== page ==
“When we built this place, I wanted to create a family-friendly environment where parents felt comfortable coming in themselves or bringing their kids,” Cotta said. “I think the fact 50% of our employees behind the counter are women helps and we also allow children ages 8 and up to shoot with an accompanying adult.”

Not only do they have female staff members, but all of them have their CCW licenses and carry in the store. After all, firearms seem much less intimidating when you see someone who looks like you and you can relate to safely handling them.

To further combat the intimidation factor, Cotta also emphasized their “no pressure” approach.

“Whether a woman comes in for one-on-one training or for one of our group training classes, we don’t force anyone to complete the shooting portion if they don’t feel comfortable,” he shared. “We even offer for them to come back and finish another time if they didn’t shoot all the rounds that came with their training.”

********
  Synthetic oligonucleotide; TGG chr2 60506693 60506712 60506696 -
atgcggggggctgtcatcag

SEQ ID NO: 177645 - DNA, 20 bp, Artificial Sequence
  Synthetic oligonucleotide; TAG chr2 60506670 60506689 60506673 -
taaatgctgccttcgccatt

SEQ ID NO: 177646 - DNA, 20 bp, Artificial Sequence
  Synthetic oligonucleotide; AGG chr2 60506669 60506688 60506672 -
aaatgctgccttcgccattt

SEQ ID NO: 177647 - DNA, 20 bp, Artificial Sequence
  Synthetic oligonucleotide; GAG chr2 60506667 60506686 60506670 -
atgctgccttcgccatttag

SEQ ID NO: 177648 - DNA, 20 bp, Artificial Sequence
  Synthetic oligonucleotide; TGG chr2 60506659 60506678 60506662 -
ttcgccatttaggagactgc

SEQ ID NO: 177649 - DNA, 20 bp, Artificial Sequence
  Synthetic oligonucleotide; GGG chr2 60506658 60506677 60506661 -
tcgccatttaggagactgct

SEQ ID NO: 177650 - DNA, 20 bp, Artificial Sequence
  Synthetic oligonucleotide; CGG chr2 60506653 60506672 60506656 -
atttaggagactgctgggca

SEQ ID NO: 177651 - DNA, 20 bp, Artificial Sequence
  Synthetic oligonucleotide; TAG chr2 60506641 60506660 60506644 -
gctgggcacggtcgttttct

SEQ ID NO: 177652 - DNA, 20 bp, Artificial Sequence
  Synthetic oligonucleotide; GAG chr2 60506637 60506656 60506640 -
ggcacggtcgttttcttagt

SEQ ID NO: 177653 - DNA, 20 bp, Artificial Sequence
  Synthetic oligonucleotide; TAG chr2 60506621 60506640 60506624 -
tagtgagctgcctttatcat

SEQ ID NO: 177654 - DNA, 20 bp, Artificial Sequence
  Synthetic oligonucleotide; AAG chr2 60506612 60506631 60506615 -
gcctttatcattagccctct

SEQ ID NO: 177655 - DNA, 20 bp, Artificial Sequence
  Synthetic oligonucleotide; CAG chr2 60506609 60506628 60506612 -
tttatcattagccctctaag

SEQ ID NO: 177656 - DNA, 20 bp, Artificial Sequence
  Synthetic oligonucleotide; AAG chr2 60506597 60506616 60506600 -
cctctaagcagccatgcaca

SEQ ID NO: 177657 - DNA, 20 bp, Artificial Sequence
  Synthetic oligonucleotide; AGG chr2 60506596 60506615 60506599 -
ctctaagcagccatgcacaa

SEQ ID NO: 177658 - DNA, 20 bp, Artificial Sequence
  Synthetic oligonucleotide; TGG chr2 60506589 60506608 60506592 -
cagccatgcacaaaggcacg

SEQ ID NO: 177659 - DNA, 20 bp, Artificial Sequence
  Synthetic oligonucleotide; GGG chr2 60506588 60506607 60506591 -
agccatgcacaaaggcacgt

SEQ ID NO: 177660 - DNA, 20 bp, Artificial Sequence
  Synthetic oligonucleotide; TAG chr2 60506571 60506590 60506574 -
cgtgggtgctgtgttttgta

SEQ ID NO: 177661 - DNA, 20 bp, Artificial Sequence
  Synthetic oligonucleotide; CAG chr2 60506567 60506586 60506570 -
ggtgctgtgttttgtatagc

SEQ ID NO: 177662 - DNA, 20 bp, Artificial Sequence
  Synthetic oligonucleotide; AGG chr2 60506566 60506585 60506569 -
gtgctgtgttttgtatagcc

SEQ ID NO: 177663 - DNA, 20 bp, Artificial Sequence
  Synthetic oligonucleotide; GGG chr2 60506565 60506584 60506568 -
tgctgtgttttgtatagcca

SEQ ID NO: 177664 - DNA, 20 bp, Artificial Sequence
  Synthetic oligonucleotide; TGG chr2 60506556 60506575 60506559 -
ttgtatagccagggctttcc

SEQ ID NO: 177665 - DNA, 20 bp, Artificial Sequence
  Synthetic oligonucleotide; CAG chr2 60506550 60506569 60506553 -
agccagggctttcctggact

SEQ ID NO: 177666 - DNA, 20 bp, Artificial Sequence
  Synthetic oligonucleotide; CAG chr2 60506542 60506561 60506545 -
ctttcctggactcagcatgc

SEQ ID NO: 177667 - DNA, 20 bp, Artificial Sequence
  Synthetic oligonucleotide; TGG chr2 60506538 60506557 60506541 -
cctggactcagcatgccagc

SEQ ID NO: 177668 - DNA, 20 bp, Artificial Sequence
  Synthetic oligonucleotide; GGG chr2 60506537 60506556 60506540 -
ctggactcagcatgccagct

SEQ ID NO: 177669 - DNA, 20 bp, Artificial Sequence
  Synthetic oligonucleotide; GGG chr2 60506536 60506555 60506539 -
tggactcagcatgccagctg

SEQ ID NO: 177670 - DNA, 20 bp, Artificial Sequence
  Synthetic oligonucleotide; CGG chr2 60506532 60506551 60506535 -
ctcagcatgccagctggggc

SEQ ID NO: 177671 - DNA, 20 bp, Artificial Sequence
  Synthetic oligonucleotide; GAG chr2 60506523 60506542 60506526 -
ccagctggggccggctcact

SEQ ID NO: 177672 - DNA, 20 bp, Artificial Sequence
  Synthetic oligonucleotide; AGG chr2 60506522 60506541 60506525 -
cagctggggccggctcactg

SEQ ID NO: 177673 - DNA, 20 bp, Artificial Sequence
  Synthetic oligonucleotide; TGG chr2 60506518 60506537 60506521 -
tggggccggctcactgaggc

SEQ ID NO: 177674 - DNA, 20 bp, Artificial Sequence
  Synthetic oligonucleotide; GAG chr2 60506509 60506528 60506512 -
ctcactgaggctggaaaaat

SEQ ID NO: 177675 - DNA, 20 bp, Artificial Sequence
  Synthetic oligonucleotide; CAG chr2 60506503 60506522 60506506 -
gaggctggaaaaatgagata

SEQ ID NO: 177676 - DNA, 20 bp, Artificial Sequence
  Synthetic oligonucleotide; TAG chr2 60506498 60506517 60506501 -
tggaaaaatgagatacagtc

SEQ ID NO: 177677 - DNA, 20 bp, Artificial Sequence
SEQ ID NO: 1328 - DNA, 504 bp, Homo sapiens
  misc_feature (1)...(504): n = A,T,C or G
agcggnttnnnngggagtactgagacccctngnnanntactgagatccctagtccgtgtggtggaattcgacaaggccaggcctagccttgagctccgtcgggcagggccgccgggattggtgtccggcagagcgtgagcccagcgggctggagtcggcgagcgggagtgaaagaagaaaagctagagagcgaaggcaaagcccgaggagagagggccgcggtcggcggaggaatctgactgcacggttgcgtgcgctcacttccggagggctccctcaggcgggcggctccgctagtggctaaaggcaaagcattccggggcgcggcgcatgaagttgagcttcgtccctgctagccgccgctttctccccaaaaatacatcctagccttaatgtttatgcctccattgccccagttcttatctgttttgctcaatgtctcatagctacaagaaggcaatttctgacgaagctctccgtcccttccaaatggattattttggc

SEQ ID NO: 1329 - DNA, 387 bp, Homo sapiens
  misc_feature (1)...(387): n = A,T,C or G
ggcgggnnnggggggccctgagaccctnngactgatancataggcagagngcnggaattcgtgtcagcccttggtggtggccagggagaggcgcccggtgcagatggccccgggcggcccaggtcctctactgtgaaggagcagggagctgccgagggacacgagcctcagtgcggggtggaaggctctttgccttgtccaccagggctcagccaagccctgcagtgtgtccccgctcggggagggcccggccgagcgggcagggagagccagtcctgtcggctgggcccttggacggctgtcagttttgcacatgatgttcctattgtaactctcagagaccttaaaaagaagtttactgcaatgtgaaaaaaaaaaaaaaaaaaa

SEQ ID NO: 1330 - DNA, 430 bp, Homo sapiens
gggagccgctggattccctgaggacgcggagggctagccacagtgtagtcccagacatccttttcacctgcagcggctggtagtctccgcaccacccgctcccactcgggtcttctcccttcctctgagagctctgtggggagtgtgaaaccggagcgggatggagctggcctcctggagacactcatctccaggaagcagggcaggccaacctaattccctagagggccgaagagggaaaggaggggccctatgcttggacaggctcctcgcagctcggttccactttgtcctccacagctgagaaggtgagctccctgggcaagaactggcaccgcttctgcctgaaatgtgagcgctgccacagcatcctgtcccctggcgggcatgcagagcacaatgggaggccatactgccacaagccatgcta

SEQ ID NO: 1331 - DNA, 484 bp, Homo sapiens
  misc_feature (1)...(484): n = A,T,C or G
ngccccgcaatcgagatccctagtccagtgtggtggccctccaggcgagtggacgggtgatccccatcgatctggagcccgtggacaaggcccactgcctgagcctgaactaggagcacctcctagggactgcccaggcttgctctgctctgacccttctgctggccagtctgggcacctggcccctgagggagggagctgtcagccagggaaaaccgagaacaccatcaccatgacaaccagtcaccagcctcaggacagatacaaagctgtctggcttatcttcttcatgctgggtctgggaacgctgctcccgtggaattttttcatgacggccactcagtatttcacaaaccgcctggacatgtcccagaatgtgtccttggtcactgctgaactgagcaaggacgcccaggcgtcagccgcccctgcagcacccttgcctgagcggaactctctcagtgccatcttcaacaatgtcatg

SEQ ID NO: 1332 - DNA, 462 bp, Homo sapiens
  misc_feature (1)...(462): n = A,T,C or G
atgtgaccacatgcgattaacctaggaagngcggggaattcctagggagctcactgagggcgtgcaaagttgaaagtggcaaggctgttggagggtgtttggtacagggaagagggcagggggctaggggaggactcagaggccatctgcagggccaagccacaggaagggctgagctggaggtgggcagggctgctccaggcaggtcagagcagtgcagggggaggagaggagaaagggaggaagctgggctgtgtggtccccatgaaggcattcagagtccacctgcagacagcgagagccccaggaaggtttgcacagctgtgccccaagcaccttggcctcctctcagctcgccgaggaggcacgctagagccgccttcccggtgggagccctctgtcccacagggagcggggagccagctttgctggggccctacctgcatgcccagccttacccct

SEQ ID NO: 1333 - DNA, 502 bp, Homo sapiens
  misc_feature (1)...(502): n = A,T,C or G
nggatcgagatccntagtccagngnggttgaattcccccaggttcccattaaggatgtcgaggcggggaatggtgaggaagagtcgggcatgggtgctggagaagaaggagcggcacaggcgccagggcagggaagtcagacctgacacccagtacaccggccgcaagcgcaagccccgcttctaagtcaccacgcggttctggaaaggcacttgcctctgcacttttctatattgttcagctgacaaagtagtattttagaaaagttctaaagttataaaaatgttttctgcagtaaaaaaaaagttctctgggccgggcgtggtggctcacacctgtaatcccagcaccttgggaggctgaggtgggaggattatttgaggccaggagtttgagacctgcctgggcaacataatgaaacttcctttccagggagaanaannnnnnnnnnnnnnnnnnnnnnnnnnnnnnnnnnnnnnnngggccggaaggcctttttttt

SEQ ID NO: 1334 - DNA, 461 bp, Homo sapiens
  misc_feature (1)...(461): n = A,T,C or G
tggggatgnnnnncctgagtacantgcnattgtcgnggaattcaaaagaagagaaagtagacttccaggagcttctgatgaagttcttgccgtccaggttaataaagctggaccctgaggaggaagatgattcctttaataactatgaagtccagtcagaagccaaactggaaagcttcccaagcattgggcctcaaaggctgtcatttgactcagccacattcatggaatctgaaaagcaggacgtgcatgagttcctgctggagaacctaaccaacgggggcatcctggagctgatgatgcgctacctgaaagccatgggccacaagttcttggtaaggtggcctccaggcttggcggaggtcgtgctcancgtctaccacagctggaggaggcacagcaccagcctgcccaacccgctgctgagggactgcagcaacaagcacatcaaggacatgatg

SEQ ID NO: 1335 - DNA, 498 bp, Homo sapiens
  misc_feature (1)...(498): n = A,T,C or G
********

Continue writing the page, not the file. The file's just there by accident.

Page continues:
The approach must be well received because at the time we spoke in early June, their First Shots training course — typically held Tuesdays and Saturdays — was sold out through the end of July. A course, according to Cotta, is often comprised of 80% women.

They also frequently host private classes, groups of military wives and corporate classes.

“In a lot of areas, independent retailers like us can’t compete with our big-box competitors,” he noted. “But we can offer a level of service they simply can’t maintain.”

It’s this level of service and the inclusive atmosphere Cotta has built that has spread via word of mouth among the women in their community.

A Simple Philosophy

Of course, getting more women into your store or on the range is only half the battle.